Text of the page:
And what are those hardware requirements? As detailed here, multi-core processors (up to 64) are now allowable, displays up to WXGA (1280 x 768) and external storage on SD. This better, faster hardware will enable new, faster games and other demanding apps which, for the first time, can be written in native code. (Well, it’s C/C++, which at least lets developers get out of CLR land.) All this will run on a kernel shared with Windows 8 and Windows RT. In other words: yes, Microsoft has managed to get one platform running on desktops, laptops, tablets and phones, the idea being that apps can be more easily ported from one to the next, promising "games we’ve never seen before" running on your phones.

There’s also a new wallet functionality thanks to the NFC support, as detailed here, but reliant on an augmented SIM, not hardware on the phone itself. This means carriers won’t have to remove apps (as we’ve seen with Google Wallet in the past) but they can block support altogether. Nokia maps is now built into the OS, including offline map support.

This is a big step forward on many levels, but Microsoft is naturally sticking to its roots, promising enterprise-ready security and support, enabling admins to deploy and restrict apps on corporate-provided phones and manage them remotely. There’s also encryption and secure booting integrated.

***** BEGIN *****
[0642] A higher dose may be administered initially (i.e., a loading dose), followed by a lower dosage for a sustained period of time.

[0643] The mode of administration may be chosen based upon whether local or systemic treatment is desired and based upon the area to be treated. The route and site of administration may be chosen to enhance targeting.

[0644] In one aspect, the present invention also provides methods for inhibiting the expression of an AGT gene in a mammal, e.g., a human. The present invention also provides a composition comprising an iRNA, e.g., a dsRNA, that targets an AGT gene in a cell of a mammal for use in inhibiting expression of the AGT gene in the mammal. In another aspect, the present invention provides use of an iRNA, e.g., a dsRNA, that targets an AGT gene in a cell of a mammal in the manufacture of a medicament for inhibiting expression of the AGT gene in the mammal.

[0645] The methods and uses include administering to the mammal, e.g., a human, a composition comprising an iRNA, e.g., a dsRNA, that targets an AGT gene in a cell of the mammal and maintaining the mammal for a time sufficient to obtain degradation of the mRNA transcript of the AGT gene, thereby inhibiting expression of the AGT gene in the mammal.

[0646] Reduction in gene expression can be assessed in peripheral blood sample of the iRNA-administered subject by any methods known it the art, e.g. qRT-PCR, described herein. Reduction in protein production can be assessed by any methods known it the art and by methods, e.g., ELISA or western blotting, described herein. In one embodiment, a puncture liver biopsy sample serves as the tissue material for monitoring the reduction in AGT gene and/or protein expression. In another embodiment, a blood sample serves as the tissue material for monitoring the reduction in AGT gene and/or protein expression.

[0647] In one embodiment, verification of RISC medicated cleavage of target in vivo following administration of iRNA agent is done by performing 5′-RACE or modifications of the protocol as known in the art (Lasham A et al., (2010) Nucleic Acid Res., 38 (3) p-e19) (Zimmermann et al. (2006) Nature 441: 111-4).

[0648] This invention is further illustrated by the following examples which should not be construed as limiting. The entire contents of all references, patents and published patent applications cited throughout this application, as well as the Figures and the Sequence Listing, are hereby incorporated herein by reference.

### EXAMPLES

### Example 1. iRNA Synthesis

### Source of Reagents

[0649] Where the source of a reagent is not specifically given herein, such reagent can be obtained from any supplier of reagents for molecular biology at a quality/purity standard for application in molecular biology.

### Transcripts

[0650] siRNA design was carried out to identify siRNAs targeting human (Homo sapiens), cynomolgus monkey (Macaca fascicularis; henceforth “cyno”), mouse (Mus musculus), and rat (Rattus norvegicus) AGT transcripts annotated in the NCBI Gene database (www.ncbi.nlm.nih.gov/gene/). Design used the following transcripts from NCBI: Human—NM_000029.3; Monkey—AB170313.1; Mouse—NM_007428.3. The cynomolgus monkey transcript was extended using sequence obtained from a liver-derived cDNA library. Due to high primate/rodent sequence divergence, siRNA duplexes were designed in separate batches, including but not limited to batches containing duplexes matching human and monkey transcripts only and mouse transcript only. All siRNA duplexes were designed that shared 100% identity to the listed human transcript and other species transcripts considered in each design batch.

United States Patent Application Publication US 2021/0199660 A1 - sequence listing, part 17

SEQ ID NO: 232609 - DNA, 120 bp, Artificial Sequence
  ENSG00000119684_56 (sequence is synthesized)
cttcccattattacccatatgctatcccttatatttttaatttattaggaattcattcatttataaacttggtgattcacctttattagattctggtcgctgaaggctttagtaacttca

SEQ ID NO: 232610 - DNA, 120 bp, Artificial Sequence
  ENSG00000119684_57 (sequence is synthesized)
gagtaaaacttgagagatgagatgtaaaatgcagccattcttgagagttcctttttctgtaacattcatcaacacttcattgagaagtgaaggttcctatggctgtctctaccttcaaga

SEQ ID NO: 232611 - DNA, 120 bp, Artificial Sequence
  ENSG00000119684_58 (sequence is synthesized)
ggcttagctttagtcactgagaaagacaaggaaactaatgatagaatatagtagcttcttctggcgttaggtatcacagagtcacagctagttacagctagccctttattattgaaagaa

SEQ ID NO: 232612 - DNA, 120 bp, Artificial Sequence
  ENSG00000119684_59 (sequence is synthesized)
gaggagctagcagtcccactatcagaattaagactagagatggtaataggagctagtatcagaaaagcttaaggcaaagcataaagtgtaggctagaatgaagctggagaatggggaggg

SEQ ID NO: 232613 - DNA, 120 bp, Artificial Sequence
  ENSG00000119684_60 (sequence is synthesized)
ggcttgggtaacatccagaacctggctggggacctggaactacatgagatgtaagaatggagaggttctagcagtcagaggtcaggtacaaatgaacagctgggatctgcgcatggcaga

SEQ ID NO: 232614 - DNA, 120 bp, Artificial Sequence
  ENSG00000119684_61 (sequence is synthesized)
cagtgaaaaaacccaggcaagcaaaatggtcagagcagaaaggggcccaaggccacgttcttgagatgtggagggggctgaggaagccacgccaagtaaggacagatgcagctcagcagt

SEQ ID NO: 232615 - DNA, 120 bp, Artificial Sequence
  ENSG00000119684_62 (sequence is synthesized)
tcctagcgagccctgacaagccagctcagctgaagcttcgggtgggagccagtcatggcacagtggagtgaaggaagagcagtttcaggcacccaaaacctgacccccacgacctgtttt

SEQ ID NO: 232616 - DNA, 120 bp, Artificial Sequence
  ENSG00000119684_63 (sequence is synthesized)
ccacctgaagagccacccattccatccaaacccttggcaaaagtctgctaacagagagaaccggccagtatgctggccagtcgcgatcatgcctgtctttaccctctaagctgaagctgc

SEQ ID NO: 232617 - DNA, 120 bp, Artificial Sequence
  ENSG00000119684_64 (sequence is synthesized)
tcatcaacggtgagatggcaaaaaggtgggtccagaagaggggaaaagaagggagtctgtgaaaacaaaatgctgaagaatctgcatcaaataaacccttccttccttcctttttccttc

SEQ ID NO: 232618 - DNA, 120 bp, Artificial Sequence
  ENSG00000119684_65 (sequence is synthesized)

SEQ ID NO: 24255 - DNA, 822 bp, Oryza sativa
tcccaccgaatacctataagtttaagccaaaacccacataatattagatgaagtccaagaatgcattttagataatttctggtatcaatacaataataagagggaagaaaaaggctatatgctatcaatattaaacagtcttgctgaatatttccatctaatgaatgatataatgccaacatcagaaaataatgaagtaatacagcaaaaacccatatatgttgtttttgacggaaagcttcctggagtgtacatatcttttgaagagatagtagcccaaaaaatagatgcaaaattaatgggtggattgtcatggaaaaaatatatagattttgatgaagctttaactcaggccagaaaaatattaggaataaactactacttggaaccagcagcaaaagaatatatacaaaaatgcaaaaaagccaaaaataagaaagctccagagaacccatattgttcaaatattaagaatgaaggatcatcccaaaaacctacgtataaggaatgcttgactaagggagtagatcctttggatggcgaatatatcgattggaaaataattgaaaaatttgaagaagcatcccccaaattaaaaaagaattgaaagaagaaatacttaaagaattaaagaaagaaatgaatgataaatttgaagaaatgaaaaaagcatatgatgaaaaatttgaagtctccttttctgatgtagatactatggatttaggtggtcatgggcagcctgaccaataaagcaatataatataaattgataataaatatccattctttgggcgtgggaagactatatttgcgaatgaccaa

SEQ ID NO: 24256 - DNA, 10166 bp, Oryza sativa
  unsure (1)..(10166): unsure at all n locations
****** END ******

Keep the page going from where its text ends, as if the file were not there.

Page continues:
It’s all set to arrive this fall, which just so happens to be when Windows 8 (and those fancy new Surface tablets) will start shipping, too.

Source: Engadget http://www.engadget.com/2012/06/20/microsoft-introduces-windows-phone-8/

More about twitter bootstrap datepicker

I have blogged about the bootstrap datepicker earlier. Here is the link

https://kevww.wordpress.com/2012/03/20/bootstrap-from-twitter-is-missing-a-date-picker/

I personally find that is pretty annoy after you select the date, the calendar popup doesn’t disappear.

So I put some extra code in the on change event, to hide it.

$('#SelectedDate').datepicker({ format: "dd/mm/yyyy" }).on('changeDate', function (ev) {
             $(this).blur();
             $(this).datepicker('hide');
         });

If you don’t set blur(), the textbox will not lose focus and if you click the textbox again, the calendar popup will show.